Twenty-one Gilbert High School students milled around Room 403 on a Friday afternoon earlier this month, enjoying a few refreshments while they chatted away with their fellow classmates. The large group has formed a bond over their passion for science, and it’s a group that biology teacher Cara Rinehart is proud to oversee.

The get together turned serious for only a few brief moments, as Mrs. Rinehart lauded the students for their work throughout the school year. But this was just the start, she said. She sees the potential, and she sees a group that can be even better during the 2024-25 school year.

More than several heads nodded in agreement.

Mrs. Rinehart is the leader of the GHS Science Olympiad team, and these 21 students are her pupils. She encouraged them to continue on their studies, to work with their teammates in their free time, and even to seek guidance from experts in various fields.

What is Science Olympiad? We’re glad you asked. It’s a nationwide competition for middle school and high school students with the goal of raising the interest in STEM (Science, Technology, Engineering, and Mathematics), as well as providing recognition for outstanding achievement in team events.

These GHS students are incredibly smart and incredibly talented. And in them, Mrs. Rinehart sees a team that can and will continue to raise the bar and compete with the best teams the state has to offer.

GHS sent these 21 students in two teams — Gilbert Red and Gilbert Black — to the 2024 Iowa Science Olympiad state tournament on the campus of Iowa State University on April 6. The competition included 23 events within earth science, biology, chemistry, physics, and engineering. The events included things such as Air Trajectory, Anatomy and Physiology, Chemistry Lab, Code Busters, Experimental Design, Ecology, and Flight, just to name a few.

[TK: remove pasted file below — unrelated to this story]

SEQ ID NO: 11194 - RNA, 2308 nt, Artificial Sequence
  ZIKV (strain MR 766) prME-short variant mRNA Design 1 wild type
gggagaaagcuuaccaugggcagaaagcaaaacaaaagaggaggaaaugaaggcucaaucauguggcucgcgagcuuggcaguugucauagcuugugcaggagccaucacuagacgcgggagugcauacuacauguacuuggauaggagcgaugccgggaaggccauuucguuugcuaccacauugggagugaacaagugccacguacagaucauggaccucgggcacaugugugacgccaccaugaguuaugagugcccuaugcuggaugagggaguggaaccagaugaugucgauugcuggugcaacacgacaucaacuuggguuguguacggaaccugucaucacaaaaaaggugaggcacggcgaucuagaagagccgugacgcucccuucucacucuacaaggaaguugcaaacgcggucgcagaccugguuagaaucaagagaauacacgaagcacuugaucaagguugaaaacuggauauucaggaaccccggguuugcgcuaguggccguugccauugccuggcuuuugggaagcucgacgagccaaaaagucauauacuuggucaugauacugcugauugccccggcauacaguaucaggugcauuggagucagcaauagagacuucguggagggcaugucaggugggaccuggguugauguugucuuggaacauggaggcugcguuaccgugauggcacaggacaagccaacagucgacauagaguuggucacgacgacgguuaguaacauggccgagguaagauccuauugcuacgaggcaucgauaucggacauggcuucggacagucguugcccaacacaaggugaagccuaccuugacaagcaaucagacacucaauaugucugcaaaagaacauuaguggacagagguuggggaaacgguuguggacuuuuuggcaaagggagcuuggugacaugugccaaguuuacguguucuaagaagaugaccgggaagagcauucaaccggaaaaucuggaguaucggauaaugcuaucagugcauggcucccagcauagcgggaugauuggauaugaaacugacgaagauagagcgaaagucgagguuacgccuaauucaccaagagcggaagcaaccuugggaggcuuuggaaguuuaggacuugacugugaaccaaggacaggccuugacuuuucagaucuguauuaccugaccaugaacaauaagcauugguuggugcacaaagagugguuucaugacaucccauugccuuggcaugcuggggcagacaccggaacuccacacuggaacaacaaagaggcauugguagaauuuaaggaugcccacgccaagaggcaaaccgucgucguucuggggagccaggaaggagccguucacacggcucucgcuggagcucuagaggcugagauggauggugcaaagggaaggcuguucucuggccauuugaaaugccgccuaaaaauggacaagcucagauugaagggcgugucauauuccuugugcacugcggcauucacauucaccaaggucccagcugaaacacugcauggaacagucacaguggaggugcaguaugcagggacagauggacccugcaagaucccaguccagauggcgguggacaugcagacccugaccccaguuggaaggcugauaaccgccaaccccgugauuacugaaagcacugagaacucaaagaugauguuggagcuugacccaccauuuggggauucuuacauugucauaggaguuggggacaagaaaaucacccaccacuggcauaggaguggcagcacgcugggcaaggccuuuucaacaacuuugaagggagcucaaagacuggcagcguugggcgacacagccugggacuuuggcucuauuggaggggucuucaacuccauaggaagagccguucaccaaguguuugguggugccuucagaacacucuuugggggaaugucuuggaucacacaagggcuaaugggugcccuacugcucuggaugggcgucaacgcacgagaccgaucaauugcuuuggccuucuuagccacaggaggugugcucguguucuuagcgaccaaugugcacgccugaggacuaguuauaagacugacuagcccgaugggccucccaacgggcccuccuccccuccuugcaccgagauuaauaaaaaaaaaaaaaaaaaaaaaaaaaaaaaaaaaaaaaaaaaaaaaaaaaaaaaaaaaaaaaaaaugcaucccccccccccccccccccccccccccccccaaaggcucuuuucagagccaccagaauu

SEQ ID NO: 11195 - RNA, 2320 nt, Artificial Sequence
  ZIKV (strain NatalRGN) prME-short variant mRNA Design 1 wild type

The teams did well, placing 13th and 14th, respectively, in the high school division, and three students — Raylene Chen, Sean Wu, and Lena Dinsmore brought home medals.

Dinsmore and Wu finished second in the Detector Building competition, a complex project where they were tasked with designing, coding, and building an instrument that detects voltage and NaCI (sodium chloride) content of water from 0-5000ppm (parts per million). Chen and Wu placed third overall in the Tower event.

Next up for the students is their quest to close the gap between themselves and Ames High School, the 2024 state champion and a regular at the top of the leaderboard. Ames will be joined by state runner-up Cedar Falls and third-place finisher Mount Vernon at the national competition in Lansing, Michigan, in late May.

But it’s about more than medals and the competition for our GHS students. Toward the end of the get together, Mrs. Rinehart asked all of her team members to jot down their answers to one simple question: Why do you take part in Science Olympiad? Their answers show how important learning and camaraderie are as well.

“I like participating in Science Olympiad because I like getting to learn new things about topics that interest me,” one student said.

“I love being part of a team that can do more advanced work,” said another student. “The atmosphere is fun and friendly and yet we still do college-level work. The challenge each event brings will never be easy to solve, but doing well is incredibly rewarding.”

“I like to participate in Science Olympiad because it’s really easy to be involved and it’s a great way to make friends,” said another student.

Learning. Friendship. Competition.

Science Olympiad is all of that. What more could you want?


SENIORS: Jaden Wilson, Raychie Chen, Madeline Lamm, Kalyn Schmidt, Alice Zhang.

JUNIORS: Tyler Anderson, Tristan Limoges, Aldo Schwartz, Andrew Soupir.

SOPHOMORES: Alyse Beyer, Chloe Chen, Maks Koziel.

FRESHMEN: Avery Wilson, Lena Dinsmore, Canaan Dunn, Raylene Chen, Sean Wu, Chloe Lee, Matthew Zhang, Wyatt Jones, Jordan Martinek.